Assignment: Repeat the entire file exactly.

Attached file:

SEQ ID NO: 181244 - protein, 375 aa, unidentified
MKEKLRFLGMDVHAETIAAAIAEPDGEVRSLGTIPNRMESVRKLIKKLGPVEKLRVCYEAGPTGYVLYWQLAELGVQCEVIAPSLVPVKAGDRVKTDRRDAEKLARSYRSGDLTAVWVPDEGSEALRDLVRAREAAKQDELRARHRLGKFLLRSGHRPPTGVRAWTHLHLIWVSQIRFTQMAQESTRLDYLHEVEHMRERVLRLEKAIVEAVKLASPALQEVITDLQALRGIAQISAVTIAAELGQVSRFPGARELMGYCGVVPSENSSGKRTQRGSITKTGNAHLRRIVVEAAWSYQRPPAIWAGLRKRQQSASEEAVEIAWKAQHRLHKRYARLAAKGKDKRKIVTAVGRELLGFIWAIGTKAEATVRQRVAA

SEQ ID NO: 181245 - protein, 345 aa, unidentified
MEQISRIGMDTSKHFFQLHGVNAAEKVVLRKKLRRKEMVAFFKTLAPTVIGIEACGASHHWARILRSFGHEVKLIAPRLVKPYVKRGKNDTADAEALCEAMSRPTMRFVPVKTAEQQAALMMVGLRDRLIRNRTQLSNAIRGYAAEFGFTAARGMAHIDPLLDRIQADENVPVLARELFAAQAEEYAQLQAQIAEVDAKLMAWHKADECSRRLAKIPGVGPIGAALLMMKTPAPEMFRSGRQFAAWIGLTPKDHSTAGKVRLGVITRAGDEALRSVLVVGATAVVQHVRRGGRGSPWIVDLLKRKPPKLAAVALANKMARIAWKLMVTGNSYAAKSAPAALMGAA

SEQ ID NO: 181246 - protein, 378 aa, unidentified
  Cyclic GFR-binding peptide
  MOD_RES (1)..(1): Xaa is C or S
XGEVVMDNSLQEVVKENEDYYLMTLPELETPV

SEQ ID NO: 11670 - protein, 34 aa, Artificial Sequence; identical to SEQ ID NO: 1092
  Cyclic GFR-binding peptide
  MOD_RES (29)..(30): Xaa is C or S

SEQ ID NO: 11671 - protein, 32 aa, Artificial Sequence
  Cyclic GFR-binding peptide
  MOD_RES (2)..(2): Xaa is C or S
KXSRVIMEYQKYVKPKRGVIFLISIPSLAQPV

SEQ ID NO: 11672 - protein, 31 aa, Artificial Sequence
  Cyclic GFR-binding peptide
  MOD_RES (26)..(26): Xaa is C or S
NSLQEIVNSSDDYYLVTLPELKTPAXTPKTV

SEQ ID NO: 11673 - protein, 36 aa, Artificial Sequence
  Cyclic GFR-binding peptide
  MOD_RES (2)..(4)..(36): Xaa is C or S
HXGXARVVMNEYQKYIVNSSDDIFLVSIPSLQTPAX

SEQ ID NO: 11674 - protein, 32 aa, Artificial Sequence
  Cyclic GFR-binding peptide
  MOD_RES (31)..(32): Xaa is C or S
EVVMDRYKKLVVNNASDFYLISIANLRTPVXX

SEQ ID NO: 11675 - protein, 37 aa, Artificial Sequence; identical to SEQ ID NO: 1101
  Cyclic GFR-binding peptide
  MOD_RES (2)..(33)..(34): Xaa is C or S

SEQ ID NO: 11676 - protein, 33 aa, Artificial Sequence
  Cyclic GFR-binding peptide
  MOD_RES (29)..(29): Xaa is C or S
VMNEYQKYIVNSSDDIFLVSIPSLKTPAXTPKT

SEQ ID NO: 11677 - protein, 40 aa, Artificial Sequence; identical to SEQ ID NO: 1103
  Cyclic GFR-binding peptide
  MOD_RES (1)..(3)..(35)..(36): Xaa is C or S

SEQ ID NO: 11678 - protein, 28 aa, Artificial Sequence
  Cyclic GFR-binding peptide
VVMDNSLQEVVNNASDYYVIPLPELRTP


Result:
SEQ ID NO: 181244 - protein, 375 aa, unidentified
MKEKLRFLGMDVHAETIAAAIAEPDGEVRSLGTIPNRMESVRKLIKKLGPVEKLRVCYEAGPTGYVLYWQLAELGVQCEVIAPSLVPVKAGDRVKTDRRDAEKLARSYRSGDLTAVWVPDEGSEALRDLVRAREAAKQDELRARHRLGKFLLRSGHRPPTGVRAWTHLHLIWVSQIRFTQMAQESTRLDYLHEVEHMRERVLRLEKAIVEAVKLASPALQEVITDLQALRGIAQISAVTIAAELGQVSRFPGARELMGYCGVVPSENSSGKRTQRGSITKTGNAHLRRIVVEAAWSYQRPPAIWAGLRKRQQSASEEAVEIAWKAQHRLHKRYARLAAKGKDKRKIVTAVGRELLGFIWAIGTKAEATVRQRVAA

SEQ ID NO: 181245 - protein, 345 aa, unidentified
MEQISRIGMDTSKHFFQLHGVNAAEKVVLRKKLRRKEMVAFFKTLAPTVIGIEACGASHHWARILRSFGHEVKLIAPRLVKPYVKRGKNDTADAEALCEAMSRPTMRFVPVKTAEQQAALMMVGLRDRLIRNRTQLSNAIRGYAAEFGFTAARGMAHIDPLLDRIQADENVPVLARELFAAQAEEYAQLQAQIAEVDAKLMAWHKADECSRRLAKIPGVGPIGAALLMMKTPAPEMFRSGRQFAAWIGLTPKDHSTAGKVRLGVITRAGDEALRSVLVVGATAVVQHVRRGGRGSPWIVDLLKRKPPKLAAVALANKMARIAWKLMVTGNSYAAKSAPAALMGAA

SEQ ID NO: 181246 - protein, 378 aa, unidentified
  Cyclic GFR-binding peptide
  MOD_RES (1)..(1): Xaa is C or S
XGEVVMDNSLQEVVKENEDYYLMTLPELETPV

SEQ ID NO: 11670 - protein, 34 aa, Artificial Sequence; identical to SEQ ID NO: 1092
  Cyclic GFR-binding peptide
  MOD_RES (29)..(30): Xaa is C or S

SEQ ID NO: 11671 - protein, 32 aa, Artificial Sequence
  Cyclic GFR-binding peptide
  MOD_RES (2)..(2): Xaa is C or S
KXSRVIMEYQKYVKPKRGVIFLISIPSLAQPV

SEQ ID NO: 11672 - protein, 31 aa, Artificial Sequence
  Cyclic GFR-binding peptide
  MOD_RES (26)..(26): Xaa is C or S
NSLQEIVNSSDDYYLVTLPELKTPAXTPKTV

SEQ ID NO: 11673 - protein, 36 aa, Artificial Sequence
  Cyclic GFR-binding peptide
  MOD_RES (2)..(4)..(36): Xaa is C or S
HXGXARVVMNEYQKYIVNSSDDIFLVSIPSLQTPAX

SEQ ID NO: 11674 - protein, 32 aa, Artificial Sequence
  Cyclic GFR-binding peptide
  MOD_RES (31)..(32): Xaa is C or S
EVVMDRYKKLVVNNASDFYLISIANLRTPVXX

SEQ ID NO: 11675 - protein, 37 aa, Artificial Sequence; identical to SEQ ID NO: 1101
  Cyclic GFR-binding peptide
  MOD_RES (2)..(33)..(34): Xaa is C or S

SEQ ID NO: 11676 - protein, 33 aa, Artificial Sequence
  Cyclic GFR-binding peptide
  MOD_RES (29)..(29): Xaa is C or S
VMNEYQKYIVNSSDDIFLVSIPSLKTPAXTPKT

SEQ ID NO: 11677 - protein, 40 aa, Artificial Sequence; identical to SEQ ID NO: 1103
  Cyclic GFR-binding peptide
  MOD_RES (1)..(3)..(35)..(36): Xaa is C or S

SEQ ID NO: 11678 - protein, 28 aa, Artificial Sequence
  Cyclic GFR-binding peptide
VVMDNSLQEVVNNASDYYVIPLPELRTP